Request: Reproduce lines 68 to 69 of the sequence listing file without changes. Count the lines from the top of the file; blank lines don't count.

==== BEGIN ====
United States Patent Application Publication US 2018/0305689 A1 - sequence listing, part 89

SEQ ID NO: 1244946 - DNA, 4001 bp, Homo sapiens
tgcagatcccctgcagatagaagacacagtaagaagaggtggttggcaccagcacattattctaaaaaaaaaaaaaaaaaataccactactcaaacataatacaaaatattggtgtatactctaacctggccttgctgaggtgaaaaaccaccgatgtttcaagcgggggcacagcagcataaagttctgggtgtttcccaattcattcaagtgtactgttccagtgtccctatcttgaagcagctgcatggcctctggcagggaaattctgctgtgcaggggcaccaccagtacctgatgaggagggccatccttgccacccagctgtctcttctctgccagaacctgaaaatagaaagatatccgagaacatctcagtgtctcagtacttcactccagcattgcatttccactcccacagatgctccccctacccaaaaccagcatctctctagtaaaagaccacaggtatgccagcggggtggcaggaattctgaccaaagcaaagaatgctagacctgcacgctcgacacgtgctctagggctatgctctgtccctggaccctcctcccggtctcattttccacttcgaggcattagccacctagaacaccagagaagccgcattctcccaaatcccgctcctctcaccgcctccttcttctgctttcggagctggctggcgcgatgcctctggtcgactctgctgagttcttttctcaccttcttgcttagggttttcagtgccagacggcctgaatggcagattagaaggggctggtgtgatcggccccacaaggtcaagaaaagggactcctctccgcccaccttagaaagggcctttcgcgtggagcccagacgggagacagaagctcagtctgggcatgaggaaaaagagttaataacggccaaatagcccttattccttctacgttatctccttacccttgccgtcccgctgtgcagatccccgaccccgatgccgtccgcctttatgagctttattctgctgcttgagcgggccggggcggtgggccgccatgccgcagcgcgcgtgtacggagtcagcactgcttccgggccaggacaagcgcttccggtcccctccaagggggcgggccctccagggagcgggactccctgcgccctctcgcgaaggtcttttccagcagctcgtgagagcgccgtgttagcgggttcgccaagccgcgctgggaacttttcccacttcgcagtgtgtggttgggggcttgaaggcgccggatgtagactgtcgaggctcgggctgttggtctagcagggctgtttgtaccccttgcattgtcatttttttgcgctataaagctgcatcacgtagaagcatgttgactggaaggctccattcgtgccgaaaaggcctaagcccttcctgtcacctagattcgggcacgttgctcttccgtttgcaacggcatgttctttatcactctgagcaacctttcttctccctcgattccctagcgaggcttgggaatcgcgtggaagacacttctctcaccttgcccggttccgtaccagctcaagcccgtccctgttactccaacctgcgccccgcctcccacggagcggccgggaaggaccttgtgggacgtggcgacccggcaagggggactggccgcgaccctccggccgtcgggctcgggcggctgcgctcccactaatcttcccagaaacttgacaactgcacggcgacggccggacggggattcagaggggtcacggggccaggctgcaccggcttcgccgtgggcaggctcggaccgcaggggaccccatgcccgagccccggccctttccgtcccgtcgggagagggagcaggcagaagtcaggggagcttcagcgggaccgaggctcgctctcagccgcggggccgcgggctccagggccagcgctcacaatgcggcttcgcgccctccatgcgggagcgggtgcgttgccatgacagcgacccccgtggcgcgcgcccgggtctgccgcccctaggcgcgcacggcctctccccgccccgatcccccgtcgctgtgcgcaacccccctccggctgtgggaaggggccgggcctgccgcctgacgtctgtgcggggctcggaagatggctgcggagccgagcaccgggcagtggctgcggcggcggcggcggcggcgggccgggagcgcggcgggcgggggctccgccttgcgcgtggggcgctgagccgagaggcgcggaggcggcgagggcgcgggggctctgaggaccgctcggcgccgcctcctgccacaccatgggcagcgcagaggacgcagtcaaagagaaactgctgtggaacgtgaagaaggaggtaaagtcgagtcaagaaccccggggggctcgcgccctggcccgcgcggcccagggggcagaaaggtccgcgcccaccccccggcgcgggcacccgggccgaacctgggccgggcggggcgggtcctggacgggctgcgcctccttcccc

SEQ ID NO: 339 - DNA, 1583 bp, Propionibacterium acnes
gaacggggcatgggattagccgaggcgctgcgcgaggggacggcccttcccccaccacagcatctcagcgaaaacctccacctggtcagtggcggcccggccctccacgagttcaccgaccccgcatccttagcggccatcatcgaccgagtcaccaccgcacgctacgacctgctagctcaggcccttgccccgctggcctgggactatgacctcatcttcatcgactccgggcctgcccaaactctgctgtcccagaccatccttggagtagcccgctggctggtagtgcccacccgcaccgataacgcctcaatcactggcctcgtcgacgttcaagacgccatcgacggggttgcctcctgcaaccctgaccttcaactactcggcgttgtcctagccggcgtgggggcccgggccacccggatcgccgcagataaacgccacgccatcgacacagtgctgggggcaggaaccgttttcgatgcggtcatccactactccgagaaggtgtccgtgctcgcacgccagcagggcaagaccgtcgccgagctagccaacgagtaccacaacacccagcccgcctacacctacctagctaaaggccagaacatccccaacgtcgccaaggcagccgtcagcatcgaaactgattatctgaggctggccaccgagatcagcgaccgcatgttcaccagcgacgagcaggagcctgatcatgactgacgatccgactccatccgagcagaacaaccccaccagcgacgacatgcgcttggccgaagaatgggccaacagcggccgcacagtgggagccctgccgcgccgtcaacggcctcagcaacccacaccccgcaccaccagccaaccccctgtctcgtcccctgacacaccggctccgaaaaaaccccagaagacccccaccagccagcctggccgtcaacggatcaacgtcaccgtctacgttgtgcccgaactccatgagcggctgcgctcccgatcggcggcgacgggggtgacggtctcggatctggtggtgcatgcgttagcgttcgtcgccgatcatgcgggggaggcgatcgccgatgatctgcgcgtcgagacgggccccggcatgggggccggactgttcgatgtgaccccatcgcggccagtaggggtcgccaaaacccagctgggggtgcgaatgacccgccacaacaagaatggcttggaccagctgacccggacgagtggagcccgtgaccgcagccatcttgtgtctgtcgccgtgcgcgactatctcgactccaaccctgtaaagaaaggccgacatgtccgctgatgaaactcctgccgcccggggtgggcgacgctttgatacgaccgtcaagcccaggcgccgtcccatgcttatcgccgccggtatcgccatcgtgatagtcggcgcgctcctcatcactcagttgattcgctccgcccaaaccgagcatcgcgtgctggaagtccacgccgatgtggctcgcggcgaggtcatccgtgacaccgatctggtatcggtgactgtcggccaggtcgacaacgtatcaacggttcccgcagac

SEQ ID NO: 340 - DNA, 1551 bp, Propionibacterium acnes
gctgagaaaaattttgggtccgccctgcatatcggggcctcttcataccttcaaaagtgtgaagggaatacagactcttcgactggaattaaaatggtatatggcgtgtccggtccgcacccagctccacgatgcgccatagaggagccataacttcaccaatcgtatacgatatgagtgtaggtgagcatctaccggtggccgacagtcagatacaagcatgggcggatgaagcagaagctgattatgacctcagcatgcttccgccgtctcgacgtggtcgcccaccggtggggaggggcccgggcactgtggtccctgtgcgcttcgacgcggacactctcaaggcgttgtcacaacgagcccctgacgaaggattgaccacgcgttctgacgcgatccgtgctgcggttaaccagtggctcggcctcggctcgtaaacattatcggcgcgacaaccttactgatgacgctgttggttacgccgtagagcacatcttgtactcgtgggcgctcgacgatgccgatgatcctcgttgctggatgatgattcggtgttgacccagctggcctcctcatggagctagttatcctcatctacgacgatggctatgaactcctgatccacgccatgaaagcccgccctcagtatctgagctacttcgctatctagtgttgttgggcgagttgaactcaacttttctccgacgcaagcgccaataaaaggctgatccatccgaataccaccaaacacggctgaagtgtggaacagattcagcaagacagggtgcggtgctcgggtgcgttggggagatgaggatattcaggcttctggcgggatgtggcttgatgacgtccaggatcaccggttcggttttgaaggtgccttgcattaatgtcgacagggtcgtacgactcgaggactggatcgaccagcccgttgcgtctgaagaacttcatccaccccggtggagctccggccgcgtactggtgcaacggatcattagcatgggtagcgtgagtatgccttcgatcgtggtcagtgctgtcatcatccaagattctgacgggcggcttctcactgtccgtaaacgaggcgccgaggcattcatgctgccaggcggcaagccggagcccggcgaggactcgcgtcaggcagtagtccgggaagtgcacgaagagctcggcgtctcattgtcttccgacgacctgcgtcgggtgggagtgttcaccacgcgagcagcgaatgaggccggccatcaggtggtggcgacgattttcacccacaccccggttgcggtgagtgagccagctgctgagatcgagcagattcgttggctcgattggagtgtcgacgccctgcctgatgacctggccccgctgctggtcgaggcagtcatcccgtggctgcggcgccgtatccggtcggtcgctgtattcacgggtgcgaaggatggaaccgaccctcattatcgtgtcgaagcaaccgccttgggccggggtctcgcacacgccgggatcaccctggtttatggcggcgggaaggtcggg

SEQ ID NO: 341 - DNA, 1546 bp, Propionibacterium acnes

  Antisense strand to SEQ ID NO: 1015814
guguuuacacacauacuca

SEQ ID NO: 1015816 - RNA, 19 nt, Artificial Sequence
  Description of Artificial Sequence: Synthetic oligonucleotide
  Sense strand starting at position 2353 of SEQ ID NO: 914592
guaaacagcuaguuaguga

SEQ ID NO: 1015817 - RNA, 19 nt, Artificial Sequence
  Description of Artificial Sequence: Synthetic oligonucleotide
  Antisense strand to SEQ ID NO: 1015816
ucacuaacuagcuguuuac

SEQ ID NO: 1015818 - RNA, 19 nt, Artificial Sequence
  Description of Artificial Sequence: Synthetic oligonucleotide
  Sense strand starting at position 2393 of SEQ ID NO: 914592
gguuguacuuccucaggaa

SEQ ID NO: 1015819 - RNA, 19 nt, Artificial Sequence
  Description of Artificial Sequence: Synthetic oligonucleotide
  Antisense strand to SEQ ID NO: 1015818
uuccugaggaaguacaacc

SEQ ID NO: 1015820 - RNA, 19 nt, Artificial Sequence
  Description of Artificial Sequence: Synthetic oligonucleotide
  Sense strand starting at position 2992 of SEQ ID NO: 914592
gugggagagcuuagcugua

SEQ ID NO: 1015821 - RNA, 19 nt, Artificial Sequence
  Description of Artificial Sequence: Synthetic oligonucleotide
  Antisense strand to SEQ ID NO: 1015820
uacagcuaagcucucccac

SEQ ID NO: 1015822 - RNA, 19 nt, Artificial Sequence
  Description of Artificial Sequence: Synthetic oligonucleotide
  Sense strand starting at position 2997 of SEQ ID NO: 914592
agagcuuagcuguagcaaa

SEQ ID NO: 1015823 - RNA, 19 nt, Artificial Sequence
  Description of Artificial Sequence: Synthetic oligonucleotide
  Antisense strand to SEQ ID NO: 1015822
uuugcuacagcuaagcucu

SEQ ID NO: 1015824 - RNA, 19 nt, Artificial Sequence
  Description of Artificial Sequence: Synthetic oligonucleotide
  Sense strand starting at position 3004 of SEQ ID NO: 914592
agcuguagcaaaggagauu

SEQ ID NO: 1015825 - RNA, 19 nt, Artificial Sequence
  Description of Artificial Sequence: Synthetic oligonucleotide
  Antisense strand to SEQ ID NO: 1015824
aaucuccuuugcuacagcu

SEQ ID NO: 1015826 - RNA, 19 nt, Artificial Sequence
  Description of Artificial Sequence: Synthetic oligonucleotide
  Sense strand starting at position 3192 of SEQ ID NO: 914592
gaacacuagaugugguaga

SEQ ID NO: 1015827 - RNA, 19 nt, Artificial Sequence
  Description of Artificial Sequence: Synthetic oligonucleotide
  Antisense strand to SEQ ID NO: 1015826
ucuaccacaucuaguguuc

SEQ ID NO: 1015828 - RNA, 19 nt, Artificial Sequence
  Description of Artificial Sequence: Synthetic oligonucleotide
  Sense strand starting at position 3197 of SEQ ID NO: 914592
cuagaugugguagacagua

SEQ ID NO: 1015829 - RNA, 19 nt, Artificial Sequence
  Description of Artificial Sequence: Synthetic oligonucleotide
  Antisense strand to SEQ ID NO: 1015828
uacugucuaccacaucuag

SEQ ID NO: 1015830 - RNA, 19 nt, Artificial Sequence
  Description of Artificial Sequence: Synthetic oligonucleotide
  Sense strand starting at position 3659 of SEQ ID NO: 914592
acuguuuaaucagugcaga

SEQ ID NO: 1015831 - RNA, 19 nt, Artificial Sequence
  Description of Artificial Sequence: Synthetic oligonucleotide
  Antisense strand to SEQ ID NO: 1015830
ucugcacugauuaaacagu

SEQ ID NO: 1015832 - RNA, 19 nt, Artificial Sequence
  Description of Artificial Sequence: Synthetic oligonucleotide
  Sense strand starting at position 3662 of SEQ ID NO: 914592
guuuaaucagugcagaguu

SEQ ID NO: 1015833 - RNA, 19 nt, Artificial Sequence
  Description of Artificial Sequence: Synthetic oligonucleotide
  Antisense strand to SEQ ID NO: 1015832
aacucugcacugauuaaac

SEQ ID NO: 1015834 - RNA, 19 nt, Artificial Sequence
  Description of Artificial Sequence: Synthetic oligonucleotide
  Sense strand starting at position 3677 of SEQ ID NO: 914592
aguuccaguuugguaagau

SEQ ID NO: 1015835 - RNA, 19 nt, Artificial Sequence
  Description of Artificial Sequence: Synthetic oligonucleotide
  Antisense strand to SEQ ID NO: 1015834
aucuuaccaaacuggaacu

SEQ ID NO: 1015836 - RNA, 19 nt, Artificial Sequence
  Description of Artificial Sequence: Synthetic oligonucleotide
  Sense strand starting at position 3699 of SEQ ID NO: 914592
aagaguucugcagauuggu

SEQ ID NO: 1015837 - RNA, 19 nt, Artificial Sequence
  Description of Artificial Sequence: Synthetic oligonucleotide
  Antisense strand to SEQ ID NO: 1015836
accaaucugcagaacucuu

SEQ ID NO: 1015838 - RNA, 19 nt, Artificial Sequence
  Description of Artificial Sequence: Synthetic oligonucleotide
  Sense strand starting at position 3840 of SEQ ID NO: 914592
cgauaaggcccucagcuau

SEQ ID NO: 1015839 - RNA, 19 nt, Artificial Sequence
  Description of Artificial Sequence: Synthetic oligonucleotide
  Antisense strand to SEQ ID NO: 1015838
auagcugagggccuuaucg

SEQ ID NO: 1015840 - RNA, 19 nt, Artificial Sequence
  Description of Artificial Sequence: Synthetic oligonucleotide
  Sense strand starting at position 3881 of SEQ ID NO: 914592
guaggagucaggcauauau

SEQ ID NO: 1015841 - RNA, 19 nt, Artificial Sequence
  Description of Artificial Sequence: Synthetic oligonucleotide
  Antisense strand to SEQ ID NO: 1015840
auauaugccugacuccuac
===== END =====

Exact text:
  Description of Artificial Sequence: Synthetic oligonucleotide
  Sense strand starting at position 3659 of SEQ ID NO: 914592